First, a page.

Reggae, Jazz and Blues Go Gospel on a roll - Third concert success for St Luke's Anglican
It was an evening of excellent entertainment as St Luke's Anglican Church hosted their third annual Reggae, Jazz and Blues Go Gospel Concert on Sunday.
The organisers said they expected a large turnout as the concert has enjoyed tremendous growth since its inaugural staging in 2014. Their prediction was on point, as a large crowd turned up at the Karl Hendrickson auditorium, Jamaica College, Old Hope Road, to share in the evening of music.
The first half set the tone of an electrifying concert as Harold Davis, Mary Isaacs and Seretse Small lit up the stage. Before them, Javier White and Canon Grace Jervis whet the audience's appetite and left them hungry for more. Then the musical feast came.
The first of the thrilling trio was Davis. The singer mesmerised the audience with powerful vocals, delivering a scintillating rendition of You Raise Me Up in which he held nothing back. Davis took the audience on a trip down memory lane with a Jamaican popular music medley which included Freedom Street, Sweet Sensation, Rivers of Babylon and Oh Carolina. His energy was so contagious that guests had to get up and dance. Host Fae Ellington could not resist and took a break from her duties to do some moves.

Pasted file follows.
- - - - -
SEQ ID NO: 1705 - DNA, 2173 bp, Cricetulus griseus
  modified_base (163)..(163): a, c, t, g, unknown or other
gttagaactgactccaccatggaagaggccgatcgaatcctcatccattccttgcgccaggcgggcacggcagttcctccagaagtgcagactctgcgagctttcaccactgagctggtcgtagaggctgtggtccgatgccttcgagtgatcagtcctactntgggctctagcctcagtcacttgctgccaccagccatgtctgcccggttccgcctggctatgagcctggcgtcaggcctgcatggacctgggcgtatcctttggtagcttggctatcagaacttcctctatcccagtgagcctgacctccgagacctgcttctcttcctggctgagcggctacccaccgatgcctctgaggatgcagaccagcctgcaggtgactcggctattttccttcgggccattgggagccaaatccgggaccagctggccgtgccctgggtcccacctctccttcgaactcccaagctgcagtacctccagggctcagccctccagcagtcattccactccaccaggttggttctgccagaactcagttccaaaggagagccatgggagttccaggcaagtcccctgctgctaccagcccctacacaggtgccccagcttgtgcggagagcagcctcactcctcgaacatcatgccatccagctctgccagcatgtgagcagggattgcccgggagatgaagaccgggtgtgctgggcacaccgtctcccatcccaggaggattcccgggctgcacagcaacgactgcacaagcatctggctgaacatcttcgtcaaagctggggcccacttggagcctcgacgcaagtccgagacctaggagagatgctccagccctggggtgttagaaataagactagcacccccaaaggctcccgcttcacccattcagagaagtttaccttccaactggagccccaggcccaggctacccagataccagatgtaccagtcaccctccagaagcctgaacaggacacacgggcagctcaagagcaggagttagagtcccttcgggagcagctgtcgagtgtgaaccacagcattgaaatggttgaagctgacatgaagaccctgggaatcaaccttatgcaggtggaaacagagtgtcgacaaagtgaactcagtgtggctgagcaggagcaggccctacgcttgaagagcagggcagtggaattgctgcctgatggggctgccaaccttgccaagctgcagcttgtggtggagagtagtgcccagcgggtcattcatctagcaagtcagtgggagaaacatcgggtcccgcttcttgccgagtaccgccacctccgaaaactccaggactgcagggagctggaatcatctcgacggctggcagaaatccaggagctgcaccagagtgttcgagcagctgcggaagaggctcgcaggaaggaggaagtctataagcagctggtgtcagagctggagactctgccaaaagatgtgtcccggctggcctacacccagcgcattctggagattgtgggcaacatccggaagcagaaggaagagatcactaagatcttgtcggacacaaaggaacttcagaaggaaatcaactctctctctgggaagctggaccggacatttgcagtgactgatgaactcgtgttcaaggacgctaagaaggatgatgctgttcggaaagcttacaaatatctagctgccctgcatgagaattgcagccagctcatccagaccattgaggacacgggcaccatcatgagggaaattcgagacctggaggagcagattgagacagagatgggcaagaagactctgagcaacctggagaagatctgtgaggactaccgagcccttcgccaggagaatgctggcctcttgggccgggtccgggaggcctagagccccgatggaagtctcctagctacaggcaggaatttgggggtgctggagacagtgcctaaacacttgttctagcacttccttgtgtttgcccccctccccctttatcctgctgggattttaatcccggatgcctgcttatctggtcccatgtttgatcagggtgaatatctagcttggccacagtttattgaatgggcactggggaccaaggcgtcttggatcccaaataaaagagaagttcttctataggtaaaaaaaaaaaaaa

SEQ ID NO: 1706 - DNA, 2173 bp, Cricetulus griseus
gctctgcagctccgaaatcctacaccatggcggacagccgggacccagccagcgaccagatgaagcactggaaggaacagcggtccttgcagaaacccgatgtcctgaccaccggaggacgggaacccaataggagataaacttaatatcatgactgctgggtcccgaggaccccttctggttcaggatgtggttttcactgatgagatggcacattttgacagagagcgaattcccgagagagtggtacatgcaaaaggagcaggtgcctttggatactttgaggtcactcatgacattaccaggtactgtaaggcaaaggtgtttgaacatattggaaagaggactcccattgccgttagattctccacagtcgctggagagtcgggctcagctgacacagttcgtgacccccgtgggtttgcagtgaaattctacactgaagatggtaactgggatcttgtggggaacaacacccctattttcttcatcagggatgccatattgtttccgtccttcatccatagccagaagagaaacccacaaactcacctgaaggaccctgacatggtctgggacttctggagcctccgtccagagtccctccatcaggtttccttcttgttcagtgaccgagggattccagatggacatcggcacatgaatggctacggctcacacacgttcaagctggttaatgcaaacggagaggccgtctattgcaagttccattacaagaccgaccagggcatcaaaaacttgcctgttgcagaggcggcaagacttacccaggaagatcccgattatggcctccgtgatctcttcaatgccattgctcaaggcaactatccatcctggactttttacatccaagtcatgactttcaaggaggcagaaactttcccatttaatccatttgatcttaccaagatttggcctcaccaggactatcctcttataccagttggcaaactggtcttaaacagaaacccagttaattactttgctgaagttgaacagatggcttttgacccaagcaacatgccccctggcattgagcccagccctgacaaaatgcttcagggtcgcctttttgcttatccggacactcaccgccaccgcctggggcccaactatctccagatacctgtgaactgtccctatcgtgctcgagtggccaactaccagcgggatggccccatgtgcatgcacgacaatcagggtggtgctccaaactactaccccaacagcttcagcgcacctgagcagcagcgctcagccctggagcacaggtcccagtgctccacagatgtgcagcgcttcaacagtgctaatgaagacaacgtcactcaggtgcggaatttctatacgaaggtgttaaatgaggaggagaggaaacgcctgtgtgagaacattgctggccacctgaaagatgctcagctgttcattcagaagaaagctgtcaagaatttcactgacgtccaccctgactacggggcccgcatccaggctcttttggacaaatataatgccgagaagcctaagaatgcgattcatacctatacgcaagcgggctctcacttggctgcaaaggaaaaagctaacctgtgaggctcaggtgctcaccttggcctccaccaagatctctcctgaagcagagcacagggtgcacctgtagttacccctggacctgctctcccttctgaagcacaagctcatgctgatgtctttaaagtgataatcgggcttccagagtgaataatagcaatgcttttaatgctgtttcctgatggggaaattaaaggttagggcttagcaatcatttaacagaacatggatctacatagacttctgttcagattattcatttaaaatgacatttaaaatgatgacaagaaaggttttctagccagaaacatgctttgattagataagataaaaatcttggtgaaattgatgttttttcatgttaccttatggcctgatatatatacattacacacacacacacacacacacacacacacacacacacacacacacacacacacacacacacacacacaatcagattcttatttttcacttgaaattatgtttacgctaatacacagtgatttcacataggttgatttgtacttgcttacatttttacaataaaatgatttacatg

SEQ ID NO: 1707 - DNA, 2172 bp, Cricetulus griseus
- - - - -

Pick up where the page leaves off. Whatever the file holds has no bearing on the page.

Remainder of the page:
Isaacs kept the musical momentum going, delivering Sam Cooke's A Change is Gonna Come as if onstage at Madison Square Gardens or Apollo Theatre in the USA (places she has performed). Years of experience shone as Isaacs thrilled the audience with song after song. She had the audience singing along, with occasional screams testament to how well Isaacs connected.
Small proved to be a master of his craft. He did not sing, but the notes coming from his guitar moved the audience just the same. Performing Tenor Madness and Bob Marley's Redemption song, the guitarist showed off his skills and proved that singers aren't the only performers who can entertain.
Following a brief intermission 14 year-old LeAndre Sadler got things going again with You Are God Alone, which was well received. Gem Myers showed the audience why she is considered one of the best performers in Jamaica. Myers hardly moved around during her performance, but didn't need to as her voice did all the work. Myers' excellent stage presence commanded the audience's attention as her voice travelled throughout the auditorium.
Her performance of Jesus is Lord, Dreamland and Fantasia's I Believe hot home.
The evening came to a close with minister Kevin Downswell, who did not disappoint. A Change is Coming, One Day and Christian Soldier were among the songs he performed, along with a lively medley of reggae gospel songs. Downswell's performance was well received, patrons leaving the auditorium satisfied with the evening of music.